Google Gives Us a Sign—Maybe
How many of you were surprised that during this year’s international Digital Signage Expo in Las Vegas a keynote speaker from Intel announced almost casually that Google would be developing some features and promoting its Chrome platform for use in digital signage content management?
I going to bet that it’s really not a huge surprise, right?
Signs, Signs Everywhere Signs
According to an IHS report, the global digital signage market was expected to be $13.9 billion for 2013, and by 2017 is projected to reach $17.1 billion.
Why? Because digital signage works in reaching customers with information they want, and deployed effectively, when they need it most.
Neilson studies show that recall rates for digital signage are better than any other advertising media.
Think about it, the best signage grabs your attention, but the medium is not the message. Signage works best only if it includes the right message, at the right time, tailored (almost personalized) for the audience. You can have the most creative presentation, but if the message is old, or worse, inaccurate, you are not doing yourself any favors. This means constantly changing and updating content.
And this is where a digital signage system, where content can be changed conveniently from a centralized location, can really excel.
Digital signage can be an eye-catching, cost-effective solution to showcase targeted messages in a coordinated fashion across distributed locations — showrooms, conference centers, lobbies, customer waiting areas, or other high traffic retail locations.
It makes sense for Google to promote its Chrome platform for use to push dynamic content to distributed and increasingly inexpensive Chromeboxes driving digital displays. In an interview following the expo, Google's director of product management for Chrome business and education pointed out this should help bring down the IT and support costs of digital signage networks and deployments "dramatically.”1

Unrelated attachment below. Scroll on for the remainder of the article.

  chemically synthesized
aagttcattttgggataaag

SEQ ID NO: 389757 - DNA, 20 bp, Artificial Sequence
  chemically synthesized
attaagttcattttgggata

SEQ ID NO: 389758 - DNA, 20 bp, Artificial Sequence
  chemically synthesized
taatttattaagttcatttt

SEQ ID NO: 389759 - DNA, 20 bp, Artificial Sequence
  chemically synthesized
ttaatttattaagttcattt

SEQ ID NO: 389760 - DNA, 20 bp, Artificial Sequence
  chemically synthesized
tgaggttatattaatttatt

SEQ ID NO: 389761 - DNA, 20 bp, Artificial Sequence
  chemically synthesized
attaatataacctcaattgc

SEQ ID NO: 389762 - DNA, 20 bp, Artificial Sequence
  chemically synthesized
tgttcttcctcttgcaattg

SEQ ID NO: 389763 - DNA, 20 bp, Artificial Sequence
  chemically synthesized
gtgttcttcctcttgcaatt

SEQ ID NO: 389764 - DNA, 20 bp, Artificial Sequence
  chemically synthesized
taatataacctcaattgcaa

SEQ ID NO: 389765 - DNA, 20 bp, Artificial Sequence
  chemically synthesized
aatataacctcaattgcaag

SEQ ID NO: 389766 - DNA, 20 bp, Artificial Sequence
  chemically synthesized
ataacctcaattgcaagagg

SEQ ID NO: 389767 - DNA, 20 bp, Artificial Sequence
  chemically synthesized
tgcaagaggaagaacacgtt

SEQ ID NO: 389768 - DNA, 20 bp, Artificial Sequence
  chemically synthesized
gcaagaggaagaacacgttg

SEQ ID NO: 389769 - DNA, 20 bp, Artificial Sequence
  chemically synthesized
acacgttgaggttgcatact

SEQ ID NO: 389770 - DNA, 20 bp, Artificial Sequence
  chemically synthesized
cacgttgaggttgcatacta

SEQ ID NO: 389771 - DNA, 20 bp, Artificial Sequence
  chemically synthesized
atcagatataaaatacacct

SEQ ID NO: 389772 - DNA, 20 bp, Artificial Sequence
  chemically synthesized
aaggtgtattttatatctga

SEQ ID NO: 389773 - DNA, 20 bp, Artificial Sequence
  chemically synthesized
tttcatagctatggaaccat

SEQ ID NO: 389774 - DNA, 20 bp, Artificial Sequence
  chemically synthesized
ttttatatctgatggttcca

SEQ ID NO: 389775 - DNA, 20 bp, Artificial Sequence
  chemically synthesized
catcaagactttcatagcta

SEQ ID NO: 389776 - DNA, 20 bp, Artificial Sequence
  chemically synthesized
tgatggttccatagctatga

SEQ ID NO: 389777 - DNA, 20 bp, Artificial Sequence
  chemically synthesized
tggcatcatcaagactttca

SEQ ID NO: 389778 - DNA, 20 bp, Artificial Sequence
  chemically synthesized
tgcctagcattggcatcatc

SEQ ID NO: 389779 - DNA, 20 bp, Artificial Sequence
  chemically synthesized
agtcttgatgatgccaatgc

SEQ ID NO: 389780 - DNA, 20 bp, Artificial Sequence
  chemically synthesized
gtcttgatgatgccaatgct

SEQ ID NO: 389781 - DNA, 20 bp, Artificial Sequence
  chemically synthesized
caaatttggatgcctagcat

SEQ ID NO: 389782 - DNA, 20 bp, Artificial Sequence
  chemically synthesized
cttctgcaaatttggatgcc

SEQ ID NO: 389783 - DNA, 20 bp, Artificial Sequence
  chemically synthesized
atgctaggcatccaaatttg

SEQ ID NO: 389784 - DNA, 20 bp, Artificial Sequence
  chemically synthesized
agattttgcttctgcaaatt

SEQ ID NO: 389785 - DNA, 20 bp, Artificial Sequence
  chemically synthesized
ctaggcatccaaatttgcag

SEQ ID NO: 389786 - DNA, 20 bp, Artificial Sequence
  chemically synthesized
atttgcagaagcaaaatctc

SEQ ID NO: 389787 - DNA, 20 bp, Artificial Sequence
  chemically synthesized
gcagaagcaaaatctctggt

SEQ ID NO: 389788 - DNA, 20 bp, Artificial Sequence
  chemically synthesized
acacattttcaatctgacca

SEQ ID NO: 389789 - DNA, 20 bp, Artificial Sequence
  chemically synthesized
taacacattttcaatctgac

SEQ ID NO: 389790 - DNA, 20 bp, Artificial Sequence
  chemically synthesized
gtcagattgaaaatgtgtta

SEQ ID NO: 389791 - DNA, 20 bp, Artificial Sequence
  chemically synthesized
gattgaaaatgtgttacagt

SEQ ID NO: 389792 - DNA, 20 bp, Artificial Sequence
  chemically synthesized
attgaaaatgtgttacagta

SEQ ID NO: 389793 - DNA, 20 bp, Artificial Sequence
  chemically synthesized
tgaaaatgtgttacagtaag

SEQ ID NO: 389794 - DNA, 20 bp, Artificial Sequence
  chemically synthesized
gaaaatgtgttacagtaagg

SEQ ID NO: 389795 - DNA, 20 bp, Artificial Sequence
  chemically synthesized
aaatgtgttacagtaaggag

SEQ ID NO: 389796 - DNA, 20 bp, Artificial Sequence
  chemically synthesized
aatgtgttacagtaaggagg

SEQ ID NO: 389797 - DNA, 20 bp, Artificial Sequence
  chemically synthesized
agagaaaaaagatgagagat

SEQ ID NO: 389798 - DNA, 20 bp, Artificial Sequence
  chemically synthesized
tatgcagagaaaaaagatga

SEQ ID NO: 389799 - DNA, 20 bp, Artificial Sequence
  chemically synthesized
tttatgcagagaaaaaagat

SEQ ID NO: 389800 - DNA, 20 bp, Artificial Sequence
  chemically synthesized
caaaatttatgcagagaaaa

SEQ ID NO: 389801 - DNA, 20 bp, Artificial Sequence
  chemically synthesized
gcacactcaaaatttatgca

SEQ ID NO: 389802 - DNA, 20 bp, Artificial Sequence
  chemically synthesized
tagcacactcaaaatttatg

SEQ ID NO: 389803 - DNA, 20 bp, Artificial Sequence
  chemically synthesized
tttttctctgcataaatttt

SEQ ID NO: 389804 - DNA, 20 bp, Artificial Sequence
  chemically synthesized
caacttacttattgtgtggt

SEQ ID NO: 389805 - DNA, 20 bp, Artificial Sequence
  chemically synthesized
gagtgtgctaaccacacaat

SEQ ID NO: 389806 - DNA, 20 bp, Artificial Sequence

But what about the content itself? Where does it come from and how is it managed? Specifically: How do you ensure messages are timely, accurate and targeted effectively?
One source of this content will clearly be the information contained within your own business processes – and perhaps not from where you expect.
At least some of it will likely come from your marketing processes—product oriented and corporate brand messaging. But other information may come from beyond marketing: Pricing or daily specials (POS, eCommerce, or ERP systems), scheduling and booking processes (think flight status boards at airports), facilities and building maintenance systems (safety and emergency messages), or HR programs (training course descriptions and sign-up deadlines).
Remember the business value of information, e.g. if the weather gets good, sell ice cream, but if the rain starts sell umbrellas! An example, optimize the productivity of expensive staff with an 'airport arrivals' style information board so people arriving at hospital can see locations, availability and where they are in the queue and check-in via a kiosk.
The fact of the matter is the availability and timeliness of this content will depend upon how you’ve optimized the information flowing through these different processes. It will depend upon how well you’ve designed for the integrity of the process, and providing the right information in a timely fashion in format a signage system can employ.
So, continue to hook up those displays – but when you are thinking about what will be on them, give some thought to how your processes will support the messages going forward.